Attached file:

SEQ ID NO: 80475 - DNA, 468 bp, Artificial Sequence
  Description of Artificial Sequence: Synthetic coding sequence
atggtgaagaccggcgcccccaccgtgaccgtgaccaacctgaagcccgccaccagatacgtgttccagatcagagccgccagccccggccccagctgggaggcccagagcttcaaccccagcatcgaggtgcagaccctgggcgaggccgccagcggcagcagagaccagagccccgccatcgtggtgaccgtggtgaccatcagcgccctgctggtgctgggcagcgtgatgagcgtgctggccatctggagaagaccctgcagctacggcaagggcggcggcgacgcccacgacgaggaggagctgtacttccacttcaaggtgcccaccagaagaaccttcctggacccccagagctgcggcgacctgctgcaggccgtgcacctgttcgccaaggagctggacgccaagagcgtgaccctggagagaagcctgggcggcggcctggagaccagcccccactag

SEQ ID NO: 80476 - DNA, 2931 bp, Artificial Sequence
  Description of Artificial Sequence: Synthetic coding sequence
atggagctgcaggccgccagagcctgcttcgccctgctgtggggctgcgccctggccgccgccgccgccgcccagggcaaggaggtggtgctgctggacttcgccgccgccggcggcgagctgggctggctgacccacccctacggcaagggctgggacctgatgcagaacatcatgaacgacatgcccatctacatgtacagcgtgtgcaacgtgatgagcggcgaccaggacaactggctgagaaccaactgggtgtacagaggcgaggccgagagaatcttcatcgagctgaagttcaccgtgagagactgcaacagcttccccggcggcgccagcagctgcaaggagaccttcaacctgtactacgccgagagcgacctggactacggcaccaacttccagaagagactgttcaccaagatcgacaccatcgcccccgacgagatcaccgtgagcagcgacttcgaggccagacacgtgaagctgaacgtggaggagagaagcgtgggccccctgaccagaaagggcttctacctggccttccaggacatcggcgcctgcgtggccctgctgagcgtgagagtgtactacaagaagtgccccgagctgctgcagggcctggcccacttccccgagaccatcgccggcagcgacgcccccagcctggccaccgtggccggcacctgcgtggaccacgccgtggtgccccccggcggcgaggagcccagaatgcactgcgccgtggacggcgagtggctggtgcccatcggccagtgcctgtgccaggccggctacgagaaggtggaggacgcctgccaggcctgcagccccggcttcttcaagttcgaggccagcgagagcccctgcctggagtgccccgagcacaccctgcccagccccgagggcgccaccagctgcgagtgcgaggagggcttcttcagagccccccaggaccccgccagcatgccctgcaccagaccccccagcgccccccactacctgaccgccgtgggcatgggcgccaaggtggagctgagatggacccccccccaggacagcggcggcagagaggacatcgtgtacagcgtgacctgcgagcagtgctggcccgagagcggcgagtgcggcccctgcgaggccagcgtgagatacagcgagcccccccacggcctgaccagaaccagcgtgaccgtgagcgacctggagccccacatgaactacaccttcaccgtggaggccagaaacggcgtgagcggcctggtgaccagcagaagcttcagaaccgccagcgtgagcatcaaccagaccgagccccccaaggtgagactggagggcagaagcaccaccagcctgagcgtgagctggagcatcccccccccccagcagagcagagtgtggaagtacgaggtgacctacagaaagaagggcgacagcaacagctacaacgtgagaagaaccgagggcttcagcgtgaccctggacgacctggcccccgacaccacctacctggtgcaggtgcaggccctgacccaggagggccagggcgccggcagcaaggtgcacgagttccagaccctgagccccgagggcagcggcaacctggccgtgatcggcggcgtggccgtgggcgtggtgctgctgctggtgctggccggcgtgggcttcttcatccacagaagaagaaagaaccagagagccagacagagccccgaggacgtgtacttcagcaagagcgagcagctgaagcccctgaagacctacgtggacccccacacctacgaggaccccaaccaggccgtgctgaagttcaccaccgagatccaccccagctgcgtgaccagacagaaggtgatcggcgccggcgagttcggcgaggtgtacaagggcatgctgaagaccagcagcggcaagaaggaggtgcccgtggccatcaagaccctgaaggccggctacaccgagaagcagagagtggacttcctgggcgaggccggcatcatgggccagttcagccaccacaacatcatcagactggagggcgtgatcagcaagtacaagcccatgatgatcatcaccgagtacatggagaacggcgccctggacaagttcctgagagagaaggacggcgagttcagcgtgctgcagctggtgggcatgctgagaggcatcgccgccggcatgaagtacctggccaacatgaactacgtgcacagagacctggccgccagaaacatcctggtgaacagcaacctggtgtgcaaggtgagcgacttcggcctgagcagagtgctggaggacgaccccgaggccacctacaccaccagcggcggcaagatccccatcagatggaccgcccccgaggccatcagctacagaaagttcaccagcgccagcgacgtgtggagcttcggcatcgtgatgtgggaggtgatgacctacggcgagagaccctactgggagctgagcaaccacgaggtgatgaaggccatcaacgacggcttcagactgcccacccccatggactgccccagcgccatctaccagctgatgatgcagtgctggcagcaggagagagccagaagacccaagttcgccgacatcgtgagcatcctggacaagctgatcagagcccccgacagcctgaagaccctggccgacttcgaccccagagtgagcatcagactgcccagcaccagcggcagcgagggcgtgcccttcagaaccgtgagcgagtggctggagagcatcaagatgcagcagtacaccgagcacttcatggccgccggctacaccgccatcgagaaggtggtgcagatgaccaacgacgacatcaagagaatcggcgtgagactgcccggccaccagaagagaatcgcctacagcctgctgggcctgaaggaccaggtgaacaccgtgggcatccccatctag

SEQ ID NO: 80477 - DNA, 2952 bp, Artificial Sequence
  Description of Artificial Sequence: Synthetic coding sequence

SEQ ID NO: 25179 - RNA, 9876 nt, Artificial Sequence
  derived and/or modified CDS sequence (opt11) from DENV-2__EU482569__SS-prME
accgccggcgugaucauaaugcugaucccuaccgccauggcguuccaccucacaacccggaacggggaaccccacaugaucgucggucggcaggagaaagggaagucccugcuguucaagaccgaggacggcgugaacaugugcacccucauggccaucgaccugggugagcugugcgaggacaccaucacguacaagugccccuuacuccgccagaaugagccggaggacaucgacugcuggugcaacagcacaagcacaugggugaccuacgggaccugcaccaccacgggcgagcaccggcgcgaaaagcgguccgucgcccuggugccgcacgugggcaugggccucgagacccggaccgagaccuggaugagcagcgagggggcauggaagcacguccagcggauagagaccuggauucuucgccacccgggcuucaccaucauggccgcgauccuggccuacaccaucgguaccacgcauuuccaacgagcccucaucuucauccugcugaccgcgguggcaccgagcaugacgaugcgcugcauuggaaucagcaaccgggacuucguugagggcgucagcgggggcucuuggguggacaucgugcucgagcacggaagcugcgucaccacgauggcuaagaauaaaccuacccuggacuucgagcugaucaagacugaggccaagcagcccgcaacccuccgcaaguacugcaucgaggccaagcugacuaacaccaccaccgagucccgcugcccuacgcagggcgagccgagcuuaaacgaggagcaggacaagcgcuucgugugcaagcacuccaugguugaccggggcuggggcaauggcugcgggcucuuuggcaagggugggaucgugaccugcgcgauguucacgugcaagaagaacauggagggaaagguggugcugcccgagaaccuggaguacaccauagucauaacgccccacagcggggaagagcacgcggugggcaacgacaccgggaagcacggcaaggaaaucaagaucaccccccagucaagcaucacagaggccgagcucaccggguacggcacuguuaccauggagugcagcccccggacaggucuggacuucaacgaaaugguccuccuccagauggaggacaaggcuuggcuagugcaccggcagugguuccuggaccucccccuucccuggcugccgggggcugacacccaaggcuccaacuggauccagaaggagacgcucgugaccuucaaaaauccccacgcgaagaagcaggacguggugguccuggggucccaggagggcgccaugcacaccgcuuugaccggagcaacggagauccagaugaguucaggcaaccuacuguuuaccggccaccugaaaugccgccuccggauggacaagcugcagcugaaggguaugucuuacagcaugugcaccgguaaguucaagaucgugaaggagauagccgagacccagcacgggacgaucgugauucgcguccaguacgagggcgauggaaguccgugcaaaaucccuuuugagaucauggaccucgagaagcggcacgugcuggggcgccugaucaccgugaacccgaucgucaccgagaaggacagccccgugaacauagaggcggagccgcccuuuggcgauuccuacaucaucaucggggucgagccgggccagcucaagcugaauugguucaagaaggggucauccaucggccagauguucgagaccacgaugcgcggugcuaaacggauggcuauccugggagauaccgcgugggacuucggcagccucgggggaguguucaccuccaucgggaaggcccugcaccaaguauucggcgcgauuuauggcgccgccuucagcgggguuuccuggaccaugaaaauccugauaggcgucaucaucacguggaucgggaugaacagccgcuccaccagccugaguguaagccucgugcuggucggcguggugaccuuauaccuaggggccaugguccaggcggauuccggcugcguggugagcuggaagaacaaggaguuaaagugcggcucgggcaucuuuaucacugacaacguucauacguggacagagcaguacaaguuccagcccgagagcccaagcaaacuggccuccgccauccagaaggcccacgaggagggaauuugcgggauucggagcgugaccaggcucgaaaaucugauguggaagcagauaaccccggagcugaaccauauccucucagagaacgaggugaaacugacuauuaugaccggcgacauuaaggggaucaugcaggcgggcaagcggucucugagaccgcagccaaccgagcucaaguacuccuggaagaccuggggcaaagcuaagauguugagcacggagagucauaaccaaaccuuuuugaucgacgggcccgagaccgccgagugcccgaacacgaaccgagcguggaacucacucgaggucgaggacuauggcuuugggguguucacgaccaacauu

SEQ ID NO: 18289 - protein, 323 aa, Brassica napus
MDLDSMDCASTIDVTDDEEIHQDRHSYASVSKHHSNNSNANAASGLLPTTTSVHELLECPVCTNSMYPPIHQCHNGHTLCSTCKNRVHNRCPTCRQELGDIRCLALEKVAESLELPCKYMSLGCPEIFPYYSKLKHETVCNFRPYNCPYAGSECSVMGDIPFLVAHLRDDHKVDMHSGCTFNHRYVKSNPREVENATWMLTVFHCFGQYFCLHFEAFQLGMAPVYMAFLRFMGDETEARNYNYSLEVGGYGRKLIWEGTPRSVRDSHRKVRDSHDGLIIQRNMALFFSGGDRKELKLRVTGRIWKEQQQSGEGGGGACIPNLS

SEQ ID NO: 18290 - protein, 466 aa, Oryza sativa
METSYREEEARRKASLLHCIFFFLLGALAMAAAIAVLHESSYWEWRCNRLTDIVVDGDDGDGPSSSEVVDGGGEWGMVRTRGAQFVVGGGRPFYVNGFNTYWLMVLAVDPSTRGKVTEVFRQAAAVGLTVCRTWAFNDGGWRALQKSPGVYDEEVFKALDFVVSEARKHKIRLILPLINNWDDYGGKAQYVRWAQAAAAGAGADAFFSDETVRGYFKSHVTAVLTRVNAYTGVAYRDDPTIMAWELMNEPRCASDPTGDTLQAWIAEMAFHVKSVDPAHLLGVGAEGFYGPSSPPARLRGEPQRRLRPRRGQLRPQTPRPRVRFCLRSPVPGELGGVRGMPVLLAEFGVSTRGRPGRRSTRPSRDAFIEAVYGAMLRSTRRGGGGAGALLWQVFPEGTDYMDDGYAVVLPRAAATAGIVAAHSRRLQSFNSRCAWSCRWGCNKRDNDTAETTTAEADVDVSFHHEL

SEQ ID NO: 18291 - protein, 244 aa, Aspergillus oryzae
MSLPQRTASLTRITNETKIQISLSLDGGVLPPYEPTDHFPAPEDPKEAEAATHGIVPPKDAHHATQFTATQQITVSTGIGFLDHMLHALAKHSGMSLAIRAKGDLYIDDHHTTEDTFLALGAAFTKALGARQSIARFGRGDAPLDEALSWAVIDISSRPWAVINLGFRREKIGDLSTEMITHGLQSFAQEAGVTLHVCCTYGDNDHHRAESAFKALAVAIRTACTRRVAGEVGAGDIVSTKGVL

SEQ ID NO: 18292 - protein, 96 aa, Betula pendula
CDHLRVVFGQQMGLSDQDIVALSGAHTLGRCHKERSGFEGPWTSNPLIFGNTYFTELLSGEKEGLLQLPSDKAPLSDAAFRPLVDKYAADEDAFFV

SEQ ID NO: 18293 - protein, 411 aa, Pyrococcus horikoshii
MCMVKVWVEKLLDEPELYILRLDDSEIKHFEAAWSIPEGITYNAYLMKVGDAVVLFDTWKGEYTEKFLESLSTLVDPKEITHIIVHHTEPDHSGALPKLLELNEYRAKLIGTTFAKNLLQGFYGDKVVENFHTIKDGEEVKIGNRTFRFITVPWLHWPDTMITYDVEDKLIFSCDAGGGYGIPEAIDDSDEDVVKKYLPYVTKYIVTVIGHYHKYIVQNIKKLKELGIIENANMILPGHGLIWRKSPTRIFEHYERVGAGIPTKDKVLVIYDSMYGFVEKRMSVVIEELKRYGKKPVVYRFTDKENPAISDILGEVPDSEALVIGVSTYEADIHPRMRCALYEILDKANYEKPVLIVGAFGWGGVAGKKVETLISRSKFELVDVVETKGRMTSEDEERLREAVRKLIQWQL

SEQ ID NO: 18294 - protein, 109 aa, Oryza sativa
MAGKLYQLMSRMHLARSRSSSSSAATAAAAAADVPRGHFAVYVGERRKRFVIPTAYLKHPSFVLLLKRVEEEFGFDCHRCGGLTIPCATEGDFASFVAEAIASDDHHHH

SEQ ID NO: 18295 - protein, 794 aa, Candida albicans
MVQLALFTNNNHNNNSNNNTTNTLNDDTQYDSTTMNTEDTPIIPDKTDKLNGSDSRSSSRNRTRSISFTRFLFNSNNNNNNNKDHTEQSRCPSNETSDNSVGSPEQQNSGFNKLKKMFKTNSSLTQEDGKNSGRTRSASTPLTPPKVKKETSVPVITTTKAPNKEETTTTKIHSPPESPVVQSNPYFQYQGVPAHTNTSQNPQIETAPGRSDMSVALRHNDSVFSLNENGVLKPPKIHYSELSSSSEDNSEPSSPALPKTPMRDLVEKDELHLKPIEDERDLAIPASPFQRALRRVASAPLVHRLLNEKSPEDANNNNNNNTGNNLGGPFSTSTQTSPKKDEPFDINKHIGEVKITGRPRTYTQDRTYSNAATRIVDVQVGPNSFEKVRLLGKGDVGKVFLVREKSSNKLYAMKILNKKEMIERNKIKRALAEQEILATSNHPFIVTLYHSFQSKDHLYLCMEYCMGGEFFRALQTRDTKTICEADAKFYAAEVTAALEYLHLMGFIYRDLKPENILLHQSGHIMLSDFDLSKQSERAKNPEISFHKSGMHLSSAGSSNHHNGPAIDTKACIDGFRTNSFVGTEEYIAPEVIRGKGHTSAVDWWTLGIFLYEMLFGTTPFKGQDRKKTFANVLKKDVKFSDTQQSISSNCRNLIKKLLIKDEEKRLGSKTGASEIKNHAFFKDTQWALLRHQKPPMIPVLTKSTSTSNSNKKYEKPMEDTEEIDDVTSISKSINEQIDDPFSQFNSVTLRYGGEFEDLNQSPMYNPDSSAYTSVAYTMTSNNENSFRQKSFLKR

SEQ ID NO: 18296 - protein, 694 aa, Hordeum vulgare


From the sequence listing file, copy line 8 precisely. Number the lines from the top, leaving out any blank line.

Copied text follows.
  Description of Artificial Sequence: Synthetic coding sequence